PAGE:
- James Walker, ESPN Staff Writer
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The Baltimore Ravens accused certain Cleveland players of intentionally gouging the eyes of tailback Willis McGahee on two occasions last Sunday, but the NFL said Thursday it found no evidence of the Browns trying to intentionally hurt him.
The Ravens reported the incidents by sending tapes to the league office earlier this week.
"There is no evidence of [intentional wrongdoing]," NFL spokesman Greg Aiello said in a statement.
The Ravens are withholding the names they reported to the NFL. But in reviewing the tape, Cleveland middle linebacker Andra Davis is one of the players in question. Davis can be seen reaching under McGahee's visor and poking him in the right eye during a tackle near the goal line midway through the third quarter.
It is unknown who the Ravens believe is the second culprit, but they believe there were two separate cases Sunday that were intentional.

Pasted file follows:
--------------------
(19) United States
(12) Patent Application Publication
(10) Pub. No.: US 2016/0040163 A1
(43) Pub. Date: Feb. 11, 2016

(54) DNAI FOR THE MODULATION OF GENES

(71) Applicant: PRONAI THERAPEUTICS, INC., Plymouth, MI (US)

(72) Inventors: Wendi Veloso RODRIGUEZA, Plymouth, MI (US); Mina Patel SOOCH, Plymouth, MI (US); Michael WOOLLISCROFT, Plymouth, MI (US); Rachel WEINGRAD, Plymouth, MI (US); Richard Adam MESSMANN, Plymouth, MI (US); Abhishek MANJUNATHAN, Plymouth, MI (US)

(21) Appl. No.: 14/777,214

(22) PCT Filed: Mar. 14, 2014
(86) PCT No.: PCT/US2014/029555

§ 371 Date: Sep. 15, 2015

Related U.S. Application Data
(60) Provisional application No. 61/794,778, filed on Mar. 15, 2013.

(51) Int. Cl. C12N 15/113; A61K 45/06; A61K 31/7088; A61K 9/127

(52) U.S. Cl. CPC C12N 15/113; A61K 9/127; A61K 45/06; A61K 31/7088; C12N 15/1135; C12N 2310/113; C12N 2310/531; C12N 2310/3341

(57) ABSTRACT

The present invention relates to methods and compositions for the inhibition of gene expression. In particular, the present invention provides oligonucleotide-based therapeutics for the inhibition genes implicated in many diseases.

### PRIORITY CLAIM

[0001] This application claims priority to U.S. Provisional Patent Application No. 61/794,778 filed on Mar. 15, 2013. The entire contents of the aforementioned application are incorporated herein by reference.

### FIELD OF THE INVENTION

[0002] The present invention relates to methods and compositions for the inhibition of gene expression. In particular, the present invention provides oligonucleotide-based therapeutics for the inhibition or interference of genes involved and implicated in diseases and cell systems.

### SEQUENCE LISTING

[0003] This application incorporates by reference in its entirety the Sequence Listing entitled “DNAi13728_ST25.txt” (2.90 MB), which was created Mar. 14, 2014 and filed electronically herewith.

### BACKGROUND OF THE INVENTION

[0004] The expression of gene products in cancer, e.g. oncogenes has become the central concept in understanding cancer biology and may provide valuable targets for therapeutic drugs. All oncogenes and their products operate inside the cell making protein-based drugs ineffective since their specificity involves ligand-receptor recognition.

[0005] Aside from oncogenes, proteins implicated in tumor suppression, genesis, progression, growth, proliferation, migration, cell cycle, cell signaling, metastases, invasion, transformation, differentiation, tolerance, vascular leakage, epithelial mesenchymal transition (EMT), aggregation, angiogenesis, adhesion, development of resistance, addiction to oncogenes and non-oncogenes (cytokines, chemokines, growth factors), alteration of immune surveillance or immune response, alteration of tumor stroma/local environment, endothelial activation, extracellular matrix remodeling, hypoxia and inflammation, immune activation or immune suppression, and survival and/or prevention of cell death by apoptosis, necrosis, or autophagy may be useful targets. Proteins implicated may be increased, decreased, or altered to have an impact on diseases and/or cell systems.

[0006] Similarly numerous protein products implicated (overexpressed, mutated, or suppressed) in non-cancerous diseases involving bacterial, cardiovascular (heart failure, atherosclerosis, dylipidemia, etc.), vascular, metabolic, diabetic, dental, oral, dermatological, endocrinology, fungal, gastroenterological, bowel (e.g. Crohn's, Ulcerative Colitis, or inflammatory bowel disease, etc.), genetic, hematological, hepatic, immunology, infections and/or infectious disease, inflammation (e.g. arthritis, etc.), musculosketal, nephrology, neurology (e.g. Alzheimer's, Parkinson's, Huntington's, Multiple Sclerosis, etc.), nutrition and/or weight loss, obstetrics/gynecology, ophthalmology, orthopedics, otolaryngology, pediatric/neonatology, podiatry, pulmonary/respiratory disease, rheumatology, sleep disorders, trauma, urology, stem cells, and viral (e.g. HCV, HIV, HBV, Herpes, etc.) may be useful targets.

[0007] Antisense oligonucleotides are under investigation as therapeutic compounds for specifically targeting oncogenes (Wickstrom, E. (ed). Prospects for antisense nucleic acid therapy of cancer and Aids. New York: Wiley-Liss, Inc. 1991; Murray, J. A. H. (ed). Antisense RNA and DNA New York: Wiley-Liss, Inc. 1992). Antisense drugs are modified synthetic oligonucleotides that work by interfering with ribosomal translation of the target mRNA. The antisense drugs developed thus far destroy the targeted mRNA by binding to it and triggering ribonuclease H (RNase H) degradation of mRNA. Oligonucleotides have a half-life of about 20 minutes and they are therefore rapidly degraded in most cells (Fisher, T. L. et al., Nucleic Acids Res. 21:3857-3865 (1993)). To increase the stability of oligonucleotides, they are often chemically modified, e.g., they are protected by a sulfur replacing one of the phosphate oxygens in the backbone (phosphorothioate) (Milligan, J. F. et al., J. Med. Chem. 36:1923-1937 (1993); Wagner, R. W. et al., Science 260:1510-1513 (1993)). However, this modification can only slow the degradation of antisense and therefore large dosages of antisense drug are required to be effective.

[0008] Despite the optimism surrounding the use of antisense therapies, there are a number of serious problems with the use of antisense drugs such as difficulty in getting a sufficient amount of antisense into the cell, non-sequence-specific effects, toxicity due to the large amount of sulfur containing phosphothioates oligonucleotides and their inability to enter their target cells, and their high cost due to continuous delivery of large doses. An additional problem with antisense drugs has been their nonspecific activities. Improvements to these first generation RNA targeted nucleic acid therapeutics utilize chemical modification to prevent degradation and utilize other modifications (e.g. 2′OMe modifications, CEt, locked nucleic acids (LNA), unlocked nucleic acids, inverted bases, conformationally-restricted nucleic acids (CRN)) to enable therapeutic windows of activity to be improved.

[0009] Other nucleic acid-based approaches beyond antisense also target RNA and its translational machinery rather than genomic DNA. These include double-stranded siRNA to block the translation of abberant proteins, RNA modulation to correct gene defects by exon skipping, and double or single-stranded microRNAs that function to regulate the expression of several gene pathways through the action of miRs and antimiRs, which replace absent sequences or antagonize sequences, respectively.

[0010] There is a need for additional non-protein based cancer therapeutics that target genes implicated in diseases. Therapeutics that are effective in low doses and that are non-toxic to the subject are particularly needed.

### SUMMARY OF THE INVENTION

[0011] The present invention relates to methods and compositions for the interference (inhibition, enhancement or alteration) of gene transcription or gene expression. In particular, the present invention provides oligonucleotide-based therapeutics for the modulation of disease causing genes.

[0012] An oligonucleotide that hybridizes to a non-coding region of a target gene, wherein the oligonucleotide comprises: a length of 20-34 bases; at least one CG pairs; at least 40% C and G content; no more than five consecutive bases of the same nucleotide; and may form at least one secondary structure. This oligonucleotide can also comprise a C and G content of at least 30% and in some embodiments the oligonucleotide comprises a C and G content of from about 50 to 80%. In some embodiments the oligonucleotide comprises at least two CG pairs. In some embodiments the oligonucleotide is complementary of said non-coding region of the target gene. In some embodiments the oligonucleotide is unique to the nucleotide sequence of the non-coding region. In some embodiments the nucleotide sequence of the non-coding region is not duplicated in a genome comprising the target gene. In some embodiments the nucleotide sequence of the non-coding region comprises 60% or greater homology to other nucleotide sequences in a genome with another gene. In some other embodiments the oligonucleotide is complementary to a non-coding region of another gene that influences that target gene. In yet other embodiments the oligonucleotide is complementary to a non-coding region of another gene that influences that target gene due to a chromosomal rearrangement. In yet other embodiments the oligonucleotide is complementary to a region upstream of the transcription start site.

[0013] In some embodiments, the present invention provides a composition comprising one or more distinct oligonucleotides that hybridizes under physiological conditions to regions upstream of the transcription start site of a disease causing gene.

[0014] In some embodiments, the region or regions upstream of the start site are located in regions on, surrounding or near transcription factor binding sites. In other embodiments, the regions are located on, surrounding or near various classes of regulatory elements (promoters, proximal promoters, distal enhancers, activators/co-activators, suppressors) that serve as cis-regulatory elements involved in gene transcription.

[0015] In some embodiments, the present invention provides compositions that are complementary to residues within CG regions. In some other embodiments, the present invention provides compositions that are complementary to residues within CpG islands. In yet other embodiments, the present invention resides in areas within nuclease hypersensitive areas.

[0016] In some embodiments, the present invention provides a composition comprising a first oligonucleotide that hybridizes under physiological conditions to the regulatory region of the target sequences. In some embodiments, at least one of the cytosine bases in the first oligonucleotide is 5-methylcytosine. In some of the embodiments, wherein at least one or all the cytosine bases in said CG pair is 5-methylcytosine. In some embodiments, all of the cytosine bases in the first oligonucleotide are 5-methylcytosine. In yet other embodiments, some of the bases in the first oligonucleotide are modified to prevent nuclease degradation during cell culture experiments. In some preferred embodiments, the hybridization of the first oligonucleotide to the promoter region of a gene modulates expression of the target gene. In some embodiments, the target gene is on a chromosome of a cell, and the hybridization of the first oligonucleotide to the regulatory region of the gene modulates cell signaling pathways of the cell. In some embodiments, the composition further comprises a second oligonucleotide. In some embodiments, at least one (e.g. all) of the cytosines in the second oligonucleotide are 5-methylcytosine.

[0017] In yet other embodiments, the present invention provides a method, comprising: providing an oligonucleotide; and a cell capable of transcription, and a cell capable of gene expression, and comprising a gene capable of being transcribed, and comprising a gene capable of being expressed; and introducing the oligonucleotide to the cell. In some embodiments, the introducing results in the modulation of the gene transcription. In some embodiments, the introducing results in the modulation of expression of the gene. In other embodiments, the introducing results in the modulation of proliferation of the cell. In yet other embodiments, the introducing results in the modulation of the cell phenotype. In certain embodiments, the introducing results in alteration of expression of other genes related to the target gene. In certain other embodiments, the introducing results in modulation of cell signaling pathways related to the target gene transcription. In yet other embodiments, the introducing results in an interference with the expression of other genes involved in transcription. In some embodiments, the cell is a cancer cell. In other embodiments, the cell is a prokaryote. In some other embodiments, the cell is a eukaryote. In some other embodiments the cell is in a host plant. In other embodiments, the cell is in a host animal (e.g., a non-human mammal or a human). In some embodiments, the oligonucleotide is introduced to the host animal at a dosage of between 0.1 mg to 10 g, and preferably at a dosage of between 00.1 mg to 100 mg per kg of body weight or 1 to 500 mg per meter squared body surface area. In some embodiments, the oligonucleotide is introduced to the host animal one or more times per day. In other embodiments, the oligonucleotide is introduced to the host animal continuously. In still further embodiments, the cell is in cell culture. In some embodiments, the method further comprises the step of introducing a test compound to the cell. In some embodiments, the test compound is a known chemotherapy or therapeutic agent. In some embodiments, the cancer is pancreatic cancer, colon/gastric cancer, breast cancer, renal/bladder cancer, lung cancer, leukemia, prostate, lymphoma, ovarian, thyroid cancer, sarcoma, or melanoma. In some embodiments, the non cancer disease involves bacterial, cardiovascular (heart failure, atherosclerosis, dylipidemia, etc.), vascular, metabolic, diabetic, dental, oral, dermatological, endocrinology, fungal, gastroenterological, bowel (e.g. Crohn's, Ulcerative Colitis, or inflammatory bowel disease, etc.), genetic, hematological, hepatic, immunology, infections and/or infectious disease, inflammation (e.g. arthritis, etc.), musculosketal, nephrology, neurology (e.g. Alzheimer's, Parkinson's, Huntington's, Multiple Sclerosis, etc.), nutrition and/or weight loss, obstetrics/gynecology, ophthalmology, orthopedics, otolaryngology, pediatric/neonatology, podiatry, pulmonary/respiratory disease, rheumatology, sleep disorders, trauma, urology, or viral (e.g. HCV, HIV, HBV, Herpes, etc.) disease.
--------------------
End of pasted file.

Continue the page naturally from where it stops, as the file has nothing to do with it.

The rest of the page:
McGahee rushed for 64 yards on 15 carries and a touchdown in the victory against the Browns. So far, he has had limited participation in practice this week because of his eye injury.
"That thing is swollen up badly," Ravens coach John Harbaugh said Wednesday. "As long as he can see, he'll play. But if he can't see, he's not going to be able to play. So we'll have to try to get that swelling down."
The Browns were caught off guard by the Ravens' inquiry.
"I have no knowledge of that," coach Romeo Crennel said. "I hadn't heard anything."
Crennel was asked if there are teams who go over the line with dirty play.
"I don't think there are teams, but [there are] players that will push the limit," he said. "You try to deal with those guys as best you can, point it out to the officials and talk to your team about keeping its composure."
This weekend, Baltimore (2-0) has a big game against the Pittsburgh Steelers (2-1) on Monday night in a battle for sole possession of first place in the AFC North. The teams split their season series last year.
James Walker covers the AFC North for ESPN.com. Information from The Associated Press was used in this report.
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